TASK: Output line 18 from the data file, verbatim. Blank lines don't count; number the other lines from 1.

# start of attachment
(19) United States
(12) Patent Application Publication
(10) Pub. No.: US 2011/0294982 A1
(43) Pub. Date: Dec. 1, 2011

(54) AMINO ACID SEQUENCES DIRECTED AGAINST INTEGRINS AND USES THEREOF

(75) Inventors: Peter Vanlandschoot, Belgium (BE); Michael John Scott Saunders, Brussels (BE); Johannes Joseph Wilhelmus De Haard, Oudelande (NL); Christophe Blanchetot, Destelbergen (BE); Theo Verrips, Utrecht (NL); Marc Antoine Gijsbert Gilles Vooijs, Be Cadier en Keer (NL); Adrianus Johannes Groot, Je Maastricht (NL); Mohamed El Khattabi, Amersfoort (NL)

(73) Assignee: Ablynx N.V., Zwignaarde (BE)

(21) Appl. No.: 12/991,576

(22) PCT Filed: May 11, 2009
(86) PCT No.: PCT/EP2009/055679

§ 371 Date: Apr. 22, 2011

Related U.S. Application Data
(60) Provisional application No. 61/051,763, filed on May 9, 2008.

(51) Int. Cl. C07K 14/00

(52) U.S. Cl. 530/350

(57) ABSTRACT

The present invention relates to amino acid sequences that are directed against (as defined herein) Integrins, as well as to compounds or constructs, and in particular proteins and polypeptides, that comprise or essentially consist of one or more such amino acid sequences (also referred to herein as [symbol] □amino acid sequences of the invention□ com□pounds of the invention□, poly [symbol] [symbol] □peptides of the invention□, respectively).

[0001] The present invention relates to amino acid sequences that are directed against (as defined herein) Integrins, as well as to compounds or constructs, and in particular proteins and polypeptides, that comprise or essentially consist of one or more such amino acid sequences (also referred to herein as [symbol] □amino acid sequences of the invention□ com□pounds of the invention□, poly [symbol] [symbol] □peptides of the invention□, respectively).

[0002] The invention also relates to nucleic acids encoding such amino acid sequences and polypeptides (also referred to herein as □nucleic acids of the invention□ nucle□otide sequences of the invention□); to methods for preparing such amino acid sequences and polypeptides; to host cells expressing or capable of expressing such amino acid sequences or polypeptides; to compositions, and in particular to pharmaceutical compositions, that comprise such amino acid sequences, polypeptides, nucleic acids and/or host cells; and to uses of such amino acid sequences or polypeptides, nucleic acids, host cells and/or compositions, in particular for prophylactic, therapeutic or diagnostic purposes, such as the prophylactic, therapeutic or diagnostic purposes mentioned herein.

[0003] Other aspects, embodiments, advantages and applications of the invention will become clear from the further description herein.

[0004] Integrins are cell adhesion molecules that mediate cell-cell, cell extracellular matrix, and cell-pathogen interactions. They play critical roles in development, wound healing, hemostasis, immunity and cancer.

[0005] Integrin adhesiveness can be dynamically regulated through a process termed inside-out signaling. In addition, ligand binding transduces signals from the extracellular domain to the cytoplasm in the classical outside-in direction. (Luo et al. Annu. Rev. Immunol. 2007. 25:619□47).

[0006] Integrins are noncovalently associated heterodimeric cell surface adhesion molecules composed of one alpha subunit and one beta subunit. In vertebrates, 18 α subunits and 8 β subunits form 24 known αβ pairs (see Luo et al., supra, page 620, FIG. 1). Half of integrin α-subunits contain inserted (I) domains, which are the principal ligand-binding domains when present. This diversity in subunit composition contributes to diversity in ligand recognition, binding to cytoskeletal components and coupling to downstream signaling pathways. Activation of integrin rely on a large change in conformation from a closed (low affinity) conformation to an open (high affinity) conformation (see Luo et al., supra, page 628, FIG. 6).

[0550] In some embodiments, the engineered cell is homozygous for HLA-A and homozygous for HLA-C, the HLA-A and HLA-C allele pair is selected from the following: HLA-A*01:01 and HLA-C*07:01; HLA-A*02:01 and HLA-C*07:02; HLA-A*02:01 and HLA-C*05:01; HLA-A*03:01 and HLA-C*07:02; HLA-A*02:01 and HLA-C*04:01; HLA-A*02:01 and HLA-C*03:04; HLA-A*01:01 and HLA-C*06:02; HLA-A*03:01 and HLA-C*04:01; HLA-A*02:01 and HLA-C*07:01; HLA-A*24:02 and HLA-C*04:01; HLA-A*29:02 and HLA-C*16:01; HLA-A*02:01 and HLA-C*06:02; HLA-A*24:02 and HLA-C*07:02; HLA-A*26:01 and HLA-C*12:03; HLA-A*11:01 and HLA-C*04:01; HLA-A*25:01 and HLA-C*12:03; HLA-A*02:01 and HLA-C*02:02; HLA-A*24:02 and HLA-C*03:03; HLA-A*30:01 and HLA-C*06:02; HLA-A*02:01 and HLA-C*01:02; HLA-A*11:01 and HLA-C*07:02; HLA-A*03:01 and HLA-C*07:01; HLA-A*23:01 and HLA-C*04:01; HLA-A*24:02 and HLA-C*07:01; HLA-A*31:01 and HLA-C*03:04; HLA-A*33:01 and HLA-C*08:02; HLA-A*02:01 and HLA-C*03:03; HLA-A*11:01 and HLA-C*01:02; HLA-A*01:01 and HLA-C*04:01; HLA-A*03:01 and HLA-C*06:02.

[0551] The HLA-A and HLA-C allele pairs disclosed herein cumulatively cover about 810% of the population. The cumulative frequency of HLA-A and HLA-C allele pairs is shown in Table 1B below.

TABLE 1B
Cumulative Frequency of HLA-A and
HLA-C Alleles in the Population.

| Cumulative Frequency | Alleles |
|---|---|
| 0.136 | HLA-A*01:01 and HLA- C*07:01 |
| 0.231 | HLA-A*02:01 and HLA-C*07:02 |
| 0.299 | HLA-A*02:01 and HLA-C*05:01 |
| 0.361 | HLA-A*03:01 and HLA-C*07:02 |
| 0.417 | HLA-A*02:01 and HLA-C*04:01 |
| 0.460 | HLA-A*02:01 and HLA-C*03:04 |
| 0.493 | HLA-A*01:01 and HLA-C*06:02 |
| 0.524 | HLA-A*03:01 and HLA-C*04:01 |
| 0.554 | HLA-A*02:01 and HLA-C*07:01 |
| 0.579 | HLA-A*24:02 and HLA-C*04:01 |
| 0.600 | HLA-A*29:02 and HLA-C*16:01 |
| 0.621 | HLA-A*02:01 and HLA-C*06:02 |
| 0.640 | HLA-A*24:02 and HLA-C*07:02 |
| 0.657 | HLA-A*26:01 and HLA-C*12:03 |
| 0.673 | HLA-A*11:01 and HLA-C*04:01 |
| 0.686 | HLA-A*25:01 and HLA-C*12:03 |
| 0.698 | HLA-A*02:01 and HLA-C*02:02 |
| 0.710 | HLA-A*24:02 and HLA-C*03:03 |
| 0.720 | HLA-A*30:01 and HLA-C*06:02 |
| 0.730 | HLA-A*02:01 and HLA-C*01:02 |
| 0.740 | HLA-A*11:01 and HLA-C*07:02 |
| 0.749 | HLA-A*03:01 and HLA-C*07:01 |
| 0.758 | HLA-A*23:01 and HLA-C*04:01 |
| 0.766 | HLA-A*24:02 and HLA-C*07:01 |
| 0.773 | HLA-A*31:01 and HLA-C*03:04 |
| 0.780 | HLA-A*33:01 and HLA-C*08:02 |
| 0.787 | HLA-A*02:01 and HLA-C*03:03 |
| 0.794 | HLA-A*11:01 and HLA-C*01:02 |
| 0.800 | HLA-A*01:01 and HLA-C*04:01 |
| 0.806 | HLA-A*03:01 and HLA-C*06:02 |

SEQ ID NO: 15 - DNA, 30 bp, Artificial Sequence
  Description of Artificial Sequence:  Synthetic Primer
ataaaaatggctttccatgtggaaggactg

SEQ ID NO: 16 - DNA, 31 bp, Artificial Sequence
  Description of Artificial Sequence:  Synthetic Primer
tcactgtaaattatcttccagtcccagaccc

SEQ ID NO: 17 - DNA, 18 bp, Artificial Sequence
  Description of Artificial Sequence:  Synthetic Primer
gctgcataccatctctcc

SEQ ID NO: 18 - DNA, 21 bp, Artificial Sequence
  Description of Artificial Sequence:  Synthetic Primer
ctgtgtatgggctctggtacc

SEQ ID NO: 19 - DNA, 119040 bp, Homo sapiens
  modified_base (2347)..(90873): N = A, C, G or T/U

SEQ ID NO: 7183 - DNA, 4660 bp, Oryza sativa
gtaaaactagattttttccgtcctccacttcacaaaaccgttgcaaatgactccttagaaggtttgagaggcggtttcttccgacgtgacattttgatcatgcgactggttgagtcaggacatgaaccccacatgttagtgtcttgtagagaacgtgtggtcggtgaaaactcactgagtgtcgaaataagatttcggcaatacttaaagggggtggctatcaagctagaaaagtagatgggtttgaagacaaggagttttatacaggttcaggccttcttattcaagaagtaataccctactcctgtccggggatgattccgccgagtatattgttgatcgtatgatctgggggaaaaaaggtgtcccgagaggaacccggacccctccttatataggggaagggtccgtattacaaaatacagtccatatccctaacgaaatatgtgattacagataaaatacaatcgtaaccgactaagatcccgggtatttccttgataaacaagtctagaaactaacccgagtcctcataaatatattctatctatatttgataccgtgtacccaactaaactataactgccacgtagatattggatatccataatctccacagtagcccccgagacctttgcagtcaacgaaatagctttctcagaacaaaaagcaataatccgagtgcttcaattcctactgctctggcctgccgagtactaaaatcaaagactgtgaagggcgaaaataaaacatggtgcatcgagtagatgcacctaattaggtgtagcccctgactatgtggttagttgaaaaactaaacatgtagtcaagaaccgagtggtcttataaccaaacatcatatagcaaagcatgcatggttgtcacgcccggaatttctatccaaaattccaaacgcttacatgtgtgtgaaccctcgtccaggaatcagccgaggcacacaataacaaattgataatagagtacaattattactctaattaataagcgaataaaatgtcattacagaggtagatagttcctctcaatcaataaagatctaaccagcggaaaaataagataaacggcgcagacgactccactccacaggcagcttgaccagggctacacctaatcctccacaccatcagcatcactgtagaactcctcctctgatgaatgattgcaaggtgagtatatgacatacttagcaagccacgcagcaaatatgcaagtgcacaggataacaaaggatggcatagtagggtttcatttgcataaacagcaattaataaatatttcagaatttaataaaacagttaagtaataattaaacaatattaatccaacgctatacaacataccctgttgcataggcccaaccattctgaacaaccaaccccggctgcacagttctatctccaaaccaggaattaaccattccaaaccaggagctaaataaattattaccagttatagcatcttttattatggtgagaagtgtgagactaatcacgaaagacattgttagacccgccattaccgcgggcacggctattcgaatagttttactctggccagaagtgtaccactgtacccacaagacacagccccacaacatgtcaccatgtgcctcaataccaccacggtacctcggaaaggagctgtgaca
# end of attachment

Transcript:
[0001] The present invention relates to amino acid sequences that are directed against (as defined herein) Integrins, as well as to compounds or constructs, and in particular proteins and polypeptides, that comprise or essentially consist of one or more such amino acid sequences (also referred to herein as [symbol] □amino acid sequences of the invention□ com□pounds of the invention□, poly [symbol] [symbol] □peptides of the invention□, respectively).